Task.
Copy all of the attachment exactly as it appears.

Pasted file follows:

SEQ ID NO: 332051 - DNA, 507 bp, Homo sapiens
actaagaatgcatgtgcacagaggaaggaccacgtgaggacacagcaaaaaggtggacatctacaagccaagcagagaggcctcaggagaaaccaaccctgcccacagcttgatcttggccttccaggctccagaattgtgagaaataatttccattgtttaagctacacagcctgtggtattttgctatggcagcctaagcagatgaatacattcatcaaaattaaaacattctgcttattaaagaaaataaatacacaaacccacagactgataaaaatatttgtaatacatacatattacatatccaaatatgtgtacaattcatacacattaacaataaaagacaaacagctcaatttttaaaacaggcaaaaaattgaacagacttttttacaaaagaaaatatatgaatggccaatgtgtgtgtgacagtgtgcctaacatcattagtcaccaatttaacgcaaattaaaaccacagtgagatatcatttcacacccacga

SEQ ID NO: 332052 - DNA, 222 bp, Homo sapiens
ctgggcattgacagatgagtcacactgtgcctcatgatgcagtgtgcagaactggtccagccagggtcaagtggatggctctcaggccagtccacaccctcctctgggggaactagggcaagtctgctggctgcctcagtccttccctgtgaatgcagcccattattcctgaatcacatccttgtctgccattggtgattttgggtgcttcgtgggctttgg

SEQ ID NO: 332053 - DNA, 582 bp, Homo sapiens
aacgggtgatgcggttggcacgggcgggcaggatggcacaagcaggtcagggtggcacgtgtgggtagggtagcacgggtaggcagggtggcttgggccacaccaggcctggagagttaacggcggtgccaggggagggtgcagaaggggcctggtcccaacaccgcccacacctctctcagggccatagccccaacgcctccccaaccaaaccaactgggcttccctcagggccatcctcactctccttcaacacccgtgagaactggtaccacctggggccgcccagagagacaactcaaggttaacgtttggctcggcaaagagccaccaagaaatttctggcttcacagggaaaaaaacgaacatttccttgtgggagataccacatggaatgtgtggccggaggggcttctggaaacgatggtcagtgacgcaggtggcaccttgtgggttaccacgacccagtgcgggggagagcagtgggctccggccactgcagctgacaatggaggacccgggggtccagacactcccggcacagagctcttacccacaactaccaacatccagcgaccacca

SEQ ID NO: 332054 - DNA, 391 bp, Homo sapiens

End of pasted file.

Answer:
SEQ ID NO: 332051 - DNA, 507 bp, Homo sapiens
actaagaatgcatgtgcacagaggaaggaccacgtgaggacacagcaaaaaggtggacatctacaagccaagcagagaggcctcaggagaaaccaaccctgcccacagcttgatcttggccttccaggctccagaattgtgagaaataatttccattgtttaagctacacagcctgtggtattttgctatggcagcctaagcagatgaatacattcatcaaaattaaaacattctgcttattaaagaaaataaatacacaaacccacagactgataaaaatatttgtaatacatacatattacatatccaaatatgtgtacaattcatacacattaacaataaaagacaaacagctcaatttttaaaacaggcaaaaaattgaacagacttttttacaaaagaaaatatatgaatggccaatgtgtgtgtgacagtgtgcctaacatcattagtcaccaatttaacgcaaattaaaaccacagtgagatatcatttcacacccacga

SEQ ID NO: 332052 - DNA, 222 bp, Homo sapiens
ctgggcattgacagatgagtcacactgtgcctcatgatgcagtgtgcagaactggtccagccagggtcaagtggatggctctcaggccagtccacaccctcctctgggggaactagggcaagtctgctggctgcctcagtccttccctgtgaatgcagcccattattcctgaatcacatccttgtctgccattggtgattttgggtgcttcgtgggctttgg

SEQ ID NO: 332053 - DNA, 582 bp, Homo sapiens
aacgggtgatgcggttggcacgggcgggcaggatggcacaagcaggtcagggtggcacgtgtgggtagggtagcacgggtaggcagggtggcttgggccacaccaggcctggagagttaacggcggtgccaggggagggtgcagaaggggcctggtcccaacaccgcccacacctctctcagggccatagccccaacgcctccccaaccaaaccaactgggcttccctcagggccatcctcactctccttcaacacccgtgagaactggtaccacctggggccgcccagagagacaactcaaggttaacgtttggctcggcaaagagccaccaagaaatttctggcttcacagggaaaaaaacgaacatttccttgtgggagataccacatggaatgtgtggccggaggggcttctggaaacgatggtcagtgacgcaggtggcaccttgtgggttaccacgacccagtgcgggggagagcagtgggctccggccactgcagctgacaatggaggacccgggggtccagacactcccggcacagagctcttacccacaactaccaacatccagcgaccacca

SEQ ID NO: 332054 - DNA, 391 bp, Homo sapiens